El Tour de Phoenix XV

1 04 2006

Today, I rode in the PBAA El Tour de Phoenix.Remember those episodes of your favorite cartoon superhero? Superman, Wonder woman, whoever…they all had one episode or another where they lost their powers. That is how I felt today in my first ride of the El Tour de Phoenix. While, I was ok on the flat parts of the course, anytime the road went up, my legs knew it and couldn't compensate for it. So, let's try to start from the beginning:

Another 4:30 am wake up call to make a 6:30am start. Lucky for me, I live fairly close to the start/finish area. I was very exicted about this ride. It was 74 miles, but a lot of it went through the ciities of Mesa, Tempe, Scottsdale and Fountain Hills. I love riding through red lights when the officers let me. However, I knew that my exictement could only do so much for me as I hadn't been on my bike for nearly a month. Nevertheless, I figured I could plow through the rough spots and still have a good day.This was also my first PBAA ride where I qualified as a Platinum rider. That meant that I could start toward the front of the start line without the insane wakeup times. Being a platinum rookie, I failed to attend the meeting the day before, and chose to go to one the day of the ride. At the end of a bunch of information that more or less said "Ride safe, especially <these places> because you are in the front and going fast", we were told to present our IDs. Doh, I left it in the car. I hurried back as fast as I could, but alas, they had stopped handing out the platinum passes. While I went into the gold area, I really wasn't too sad. I knew I could not finish in Platinum time this year because of my long layoff.

When the ride started, I knew my best shot of lasting as long as possible would be to stay behind a fast pack. I could still ride fast, but I get tired more easily than before, so the draft will really help. While I started in the gold area, I hurried and raced as best as I could to get behind the platinum group. It was pretty awesome since I was passing a whole lot of people, but it still took a little wind out of me to do that. I was able to reach the front group before the turn onto University Ave.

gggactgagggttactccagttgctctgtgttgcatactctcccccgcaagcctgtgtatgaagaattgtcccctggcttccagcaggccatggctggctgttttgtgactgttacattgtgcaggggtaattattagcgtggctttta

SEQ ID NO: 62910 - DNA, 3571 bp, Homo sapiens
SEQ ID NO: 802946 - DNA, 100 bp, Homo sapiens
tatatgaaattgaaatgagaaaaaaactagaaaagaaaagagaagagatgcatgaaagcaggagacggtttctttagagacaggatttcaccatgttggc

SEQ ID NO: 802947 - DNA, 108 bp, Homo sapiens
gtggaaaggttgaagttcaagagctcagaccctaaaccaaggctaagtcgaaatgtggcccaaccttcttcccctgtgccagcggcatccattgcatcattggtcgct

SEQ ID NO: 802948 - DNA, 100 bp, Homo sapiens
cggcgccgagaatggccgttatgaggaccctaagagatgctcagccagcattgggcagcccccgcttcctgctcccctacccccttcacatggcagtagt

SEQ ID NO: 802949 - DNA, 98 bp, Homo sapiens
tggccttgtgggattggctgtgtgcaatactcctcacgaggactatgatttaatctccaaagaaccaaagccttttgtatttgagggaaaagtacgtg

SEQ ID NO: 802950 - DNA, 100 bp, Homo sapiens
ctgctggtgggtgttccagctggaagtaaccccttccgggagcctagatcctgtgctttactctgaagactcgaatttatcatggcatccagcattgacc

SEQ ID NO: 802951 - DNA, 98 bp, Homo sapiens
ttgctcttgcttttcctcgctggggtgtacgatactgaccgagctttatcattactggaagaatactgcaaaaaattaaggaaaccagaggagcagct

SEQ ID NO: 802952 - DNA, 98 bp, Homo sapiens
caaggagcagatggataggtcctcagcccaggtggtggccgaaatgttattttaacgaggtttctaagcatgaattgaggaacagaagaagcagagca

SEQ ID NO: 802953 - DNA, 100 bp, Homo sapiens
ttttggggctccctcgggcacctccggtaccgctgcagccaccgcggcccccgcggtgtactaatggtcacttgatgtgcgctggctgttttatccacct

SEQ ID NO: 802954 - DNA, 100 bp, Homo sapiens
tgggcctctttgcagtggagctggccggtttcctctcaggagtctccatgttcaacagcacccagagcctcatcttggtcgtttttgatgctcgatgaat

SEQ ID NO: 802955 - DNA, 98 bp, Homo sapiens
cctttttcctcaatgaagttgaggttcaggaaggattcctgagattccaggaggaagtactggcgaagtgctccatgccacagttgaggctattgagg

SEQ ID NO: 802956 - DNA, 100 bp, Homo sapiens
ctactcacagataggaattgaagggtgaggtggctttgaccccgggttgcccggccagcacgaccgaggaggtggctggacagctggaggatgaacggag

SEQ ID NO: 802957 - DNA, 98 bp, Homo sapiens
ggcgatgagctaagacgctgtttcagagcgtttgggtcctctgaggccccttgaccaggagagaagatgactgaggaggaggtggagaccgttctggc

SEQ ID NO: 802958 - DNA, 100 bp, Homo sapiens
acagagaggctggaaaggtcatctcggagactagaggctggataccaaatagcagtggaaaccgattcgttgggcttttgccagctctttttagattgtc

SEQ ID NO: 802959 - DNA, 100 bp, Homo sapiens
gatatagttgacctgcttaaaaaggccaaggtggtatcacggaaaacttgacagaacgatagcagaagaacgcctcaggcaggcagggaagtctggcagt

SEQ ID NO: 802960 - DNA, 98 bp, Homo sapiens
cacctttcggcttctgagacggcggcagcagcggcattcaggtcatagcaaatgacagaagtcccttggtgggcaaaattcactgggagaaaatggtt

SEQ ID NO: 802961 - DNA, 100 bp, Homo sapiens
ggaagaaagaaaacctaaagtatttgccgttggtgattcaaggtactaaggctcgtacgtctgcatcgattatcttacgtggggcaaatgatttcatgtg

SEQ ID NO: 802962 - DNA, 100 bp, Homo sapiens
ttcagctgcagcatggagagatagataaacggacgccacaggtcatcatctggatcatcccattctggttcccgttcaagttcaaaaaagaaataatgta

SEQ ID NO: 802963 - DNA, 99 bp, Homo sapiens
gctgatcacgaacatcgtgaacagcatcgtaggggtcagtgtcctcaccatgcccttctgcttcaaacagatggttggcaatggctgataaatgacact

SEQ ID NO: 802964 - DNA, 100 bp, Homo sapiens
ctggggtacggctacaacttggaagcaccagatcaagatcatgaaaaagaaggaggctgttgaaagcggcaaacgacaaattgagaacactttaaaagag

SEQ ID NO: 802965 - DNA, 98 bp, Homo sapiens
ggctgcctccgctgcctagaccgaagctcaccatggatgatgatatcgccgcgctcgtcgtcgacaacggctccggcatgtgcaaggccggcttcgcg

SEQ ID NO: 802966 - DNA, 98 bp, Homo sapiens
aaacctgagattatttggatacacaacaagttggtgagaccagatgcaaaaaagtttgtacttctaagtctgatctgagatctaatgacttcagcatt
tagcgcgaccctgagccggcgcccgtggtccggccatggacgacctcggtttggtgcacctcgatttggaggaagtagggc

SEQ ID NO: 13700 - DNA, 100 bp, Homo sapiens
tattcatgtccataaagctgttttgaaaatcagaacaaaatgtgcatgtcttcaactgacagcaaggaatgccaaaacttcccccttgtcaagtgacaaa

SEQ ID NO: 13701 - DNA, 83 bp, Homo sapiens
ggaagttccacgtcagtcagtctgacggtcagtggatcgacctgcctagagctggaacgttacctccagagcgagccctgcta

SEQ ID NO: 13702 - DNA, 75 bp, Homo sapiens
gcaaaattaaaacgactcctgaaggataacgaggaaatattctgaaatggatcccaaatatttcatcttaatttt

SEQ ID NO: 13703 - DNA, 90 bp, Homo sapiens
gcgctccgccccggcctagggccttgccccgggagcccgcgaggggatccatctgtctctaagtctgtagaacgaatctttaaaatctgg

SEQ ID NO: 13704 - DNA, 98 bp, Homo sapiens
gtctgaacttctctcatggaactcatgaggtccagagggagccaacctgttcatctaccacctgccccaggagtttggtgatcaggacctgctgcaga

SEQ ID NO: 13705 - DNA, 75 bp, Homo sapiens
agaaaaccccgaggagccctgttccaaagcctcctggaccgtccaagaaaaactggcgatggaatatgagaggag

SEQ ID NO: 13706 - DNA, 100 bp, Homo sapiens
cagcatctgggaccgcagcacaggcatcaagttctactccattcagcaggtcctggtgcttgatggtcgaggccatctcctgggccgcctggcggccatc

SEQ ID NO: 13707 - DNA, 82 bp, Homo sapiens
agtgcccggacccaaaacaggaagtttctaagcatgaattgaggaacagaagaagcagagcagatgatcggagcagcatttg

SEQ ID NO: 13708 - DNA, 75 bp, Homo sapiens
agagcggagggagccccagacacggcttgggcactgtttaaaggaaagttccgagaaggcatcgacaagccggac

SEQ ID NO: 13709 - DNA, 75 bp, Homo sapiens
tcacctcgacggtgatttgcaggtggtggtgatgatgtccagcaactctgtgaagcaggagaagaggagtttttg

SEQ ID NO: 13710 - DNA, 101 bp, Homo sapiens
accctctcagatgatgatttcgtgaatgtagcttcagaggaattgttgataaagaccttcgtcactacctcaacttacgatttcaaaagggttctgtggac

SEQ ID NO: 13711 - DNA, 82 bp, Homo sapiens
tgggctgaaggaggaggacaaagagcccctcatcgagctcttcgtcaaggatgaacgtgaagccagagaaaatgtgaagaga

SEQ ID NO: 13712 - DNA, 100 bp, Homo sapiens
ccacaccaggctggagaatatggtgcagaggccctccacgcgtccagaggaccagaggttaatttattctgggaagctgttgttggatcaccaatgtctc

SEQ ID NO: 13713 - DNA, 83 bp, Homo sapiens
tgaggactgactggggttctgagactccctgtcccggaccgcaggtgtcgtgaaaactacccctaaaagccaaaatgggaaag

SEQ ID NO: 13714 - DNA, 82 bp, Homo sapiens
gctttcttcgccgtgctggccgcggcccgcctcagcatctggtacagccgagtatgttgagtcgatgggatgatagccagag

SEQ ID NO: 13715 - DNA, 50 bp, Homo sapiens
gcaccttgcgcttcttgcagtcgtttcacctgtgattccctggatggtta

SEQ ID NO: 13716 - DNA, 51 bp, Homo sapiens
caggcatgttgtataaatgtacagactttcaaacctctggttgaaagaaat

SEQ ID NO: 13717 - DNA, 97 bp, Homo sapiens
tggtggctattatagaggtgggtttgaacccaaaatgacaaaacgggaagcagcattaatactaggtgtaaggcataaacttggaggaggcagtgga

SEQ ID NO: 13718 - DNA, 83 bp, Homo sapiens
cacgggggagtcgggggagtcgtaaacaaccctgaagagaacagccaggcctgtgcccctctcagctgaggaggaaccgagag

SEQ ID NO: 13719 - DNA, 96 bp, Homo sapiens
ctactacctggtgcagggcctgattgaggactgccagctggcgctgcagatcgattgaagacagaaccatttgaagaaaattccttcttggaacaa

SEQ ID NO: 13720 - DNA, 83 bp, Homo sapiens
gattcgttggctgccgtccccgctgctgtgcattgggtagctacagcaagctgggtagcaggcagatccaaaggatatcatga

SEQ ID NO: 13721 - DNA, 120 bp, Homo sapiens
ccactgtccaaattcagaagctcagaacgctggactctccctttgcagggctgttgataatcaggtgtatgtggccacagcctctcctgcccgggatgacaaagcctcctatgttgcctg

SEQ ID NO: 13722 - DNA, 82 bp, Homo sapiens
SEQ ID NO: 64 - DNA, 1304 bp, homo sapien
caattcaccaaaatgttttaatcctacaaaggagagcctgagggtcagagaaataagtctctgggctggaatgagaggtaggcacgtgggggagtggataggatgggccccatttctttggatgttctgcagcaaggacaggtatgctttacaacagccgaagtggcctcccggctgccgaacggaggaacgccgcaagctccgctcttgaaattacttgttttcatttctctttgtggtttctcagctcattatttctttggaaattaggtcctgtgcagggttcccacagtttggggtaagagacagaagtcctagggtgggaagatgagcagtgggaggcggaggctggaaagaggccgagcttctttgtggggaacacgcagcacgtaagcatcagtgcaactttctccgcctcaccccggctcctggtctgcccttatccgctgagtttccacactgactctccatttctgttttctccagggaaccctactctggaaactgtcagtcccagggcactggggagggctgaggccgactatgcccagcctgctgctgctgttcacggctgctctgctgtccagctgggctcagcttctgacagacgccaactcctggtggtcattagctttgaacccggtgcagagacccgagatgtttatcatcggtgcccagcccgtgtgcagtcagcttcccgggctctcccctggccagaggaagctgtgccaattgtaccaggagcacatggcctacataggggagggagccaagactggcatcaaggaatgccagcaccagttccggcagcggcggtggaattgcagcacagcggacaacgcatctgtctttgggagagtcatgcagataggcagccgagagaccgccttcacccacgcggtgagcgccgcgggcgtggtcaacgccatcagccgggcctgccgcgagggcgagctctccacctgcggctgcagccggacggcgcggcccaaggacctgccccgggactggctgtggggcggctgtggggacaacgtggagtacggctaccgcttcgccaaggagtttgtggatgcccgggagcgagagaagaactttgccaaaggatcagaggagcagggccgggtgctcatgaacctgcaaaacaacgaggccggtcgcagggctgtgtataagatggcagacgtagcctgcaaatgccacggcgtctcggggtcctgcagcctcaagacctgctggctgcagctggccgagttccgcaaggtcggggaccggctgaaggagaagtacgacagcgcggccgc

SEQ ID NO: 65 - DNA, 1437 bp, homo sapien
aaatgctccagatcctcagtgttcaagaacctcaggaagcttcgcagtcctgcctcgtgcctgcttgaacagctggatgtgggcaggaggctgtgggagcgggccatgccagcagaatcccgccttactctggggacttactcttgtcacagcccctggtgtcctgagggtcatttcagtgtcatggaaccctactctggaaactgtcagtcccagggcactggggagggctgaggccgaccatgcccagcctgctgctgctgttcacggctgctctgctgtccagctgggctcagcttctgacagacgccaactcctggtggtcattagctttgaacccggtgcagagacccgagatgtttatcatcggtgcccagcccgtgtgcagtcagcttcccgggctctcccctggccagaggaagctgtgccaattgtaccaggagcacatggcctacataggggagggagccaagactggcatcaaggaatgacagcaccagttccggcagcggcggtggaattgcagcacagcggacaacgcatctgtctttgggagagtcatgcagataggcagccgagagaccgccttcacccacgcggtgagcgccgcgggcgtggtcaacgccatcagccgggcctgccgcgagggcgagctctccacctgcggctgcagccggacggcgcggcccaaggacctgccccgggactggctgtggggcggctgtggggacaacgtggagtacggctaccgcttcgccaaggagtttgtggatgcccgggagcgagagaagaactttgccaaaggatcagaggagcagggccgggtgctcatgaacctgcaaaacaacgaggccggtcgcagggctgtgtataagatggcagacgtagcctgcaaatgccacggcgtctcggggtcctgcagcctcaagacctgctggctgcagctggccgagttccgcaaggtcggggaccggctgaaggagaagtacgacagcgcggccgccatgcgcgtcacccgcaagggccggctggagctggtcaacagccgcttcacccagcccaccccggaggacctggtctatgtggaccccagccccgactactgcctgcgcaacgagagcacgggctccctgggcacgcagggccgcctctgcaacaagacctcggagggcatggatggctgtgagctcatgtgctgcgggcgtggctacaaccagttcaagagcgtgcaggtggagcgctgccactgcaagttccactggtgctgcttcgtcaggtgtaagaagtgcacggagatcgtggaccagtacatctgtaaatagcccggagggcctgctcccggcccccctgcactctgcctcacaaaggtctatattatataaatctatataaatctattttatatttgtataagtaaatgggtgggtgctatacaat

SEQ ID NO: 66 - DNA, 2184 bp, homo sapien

Along University Ave., things were ok for me. However, the group I made it to seemed to be a group of fast people with much experience in riding in a large pack. For every little thing, they would slow down. Not only was it annoying, but it hurt my continuity and pace. Since I'm riding this without my super powers, more slowing down and accelerating really hurts my system. Overall, don't think the discountinous pace was the main factor in my poor performance for today. Eventually, we made it to Scottsdale where the grass was very green, and artificial lakes were everywhere to be seen. I think the air even smelled better over there. It was around here, however, that I saw rider 1 and 2, the tandem participants to whom the ride is dedicated for this year. Rider number one was last years first place finisher. Between then and now, he had an unfortunate car or motorcycle accient, which led to his leg being amputated. Seeing this guys was very inspiring, and actually motiviated me when things were to get even more difficult later on in the ride.

Another person I met around this time had a Euskatel bright orange jersey. The question that always comes to mind when I see someone with this jersey is "Are you part basque?" He was a friendly fellow from Flagstaff, AZ who would no doubt catch me on the coming hills.

We turned east onto Shea boulevard, right into the sun. Here, I was still near the front of the group as I could still see the pace motorcycle. Only about a mile after the turn there was a large crash involving a tandem and a couple other bikes. I try not gawk at scenes like this so that traffic can flow smoothly and to not make the people who crashed feel like a side show. I hope those people are ok. Immediately after the crash, I found myself in an all too familiar situation: catching up to the lead group. I tried as usual, going into my best aerotuck without aerobars, and bore down on the pedals. This time I was not meant to catch them as the road veered upward ever so slightly. In my weakened condition, it was enough to slow me down significantly. Soon, a rather large hill showed itself, and I suddenly found myself crawling at a mere 15 mph. Little did I know that I would gladly take this speed later on. I took solace in the fact that I wasn't passed by too many people on this hill.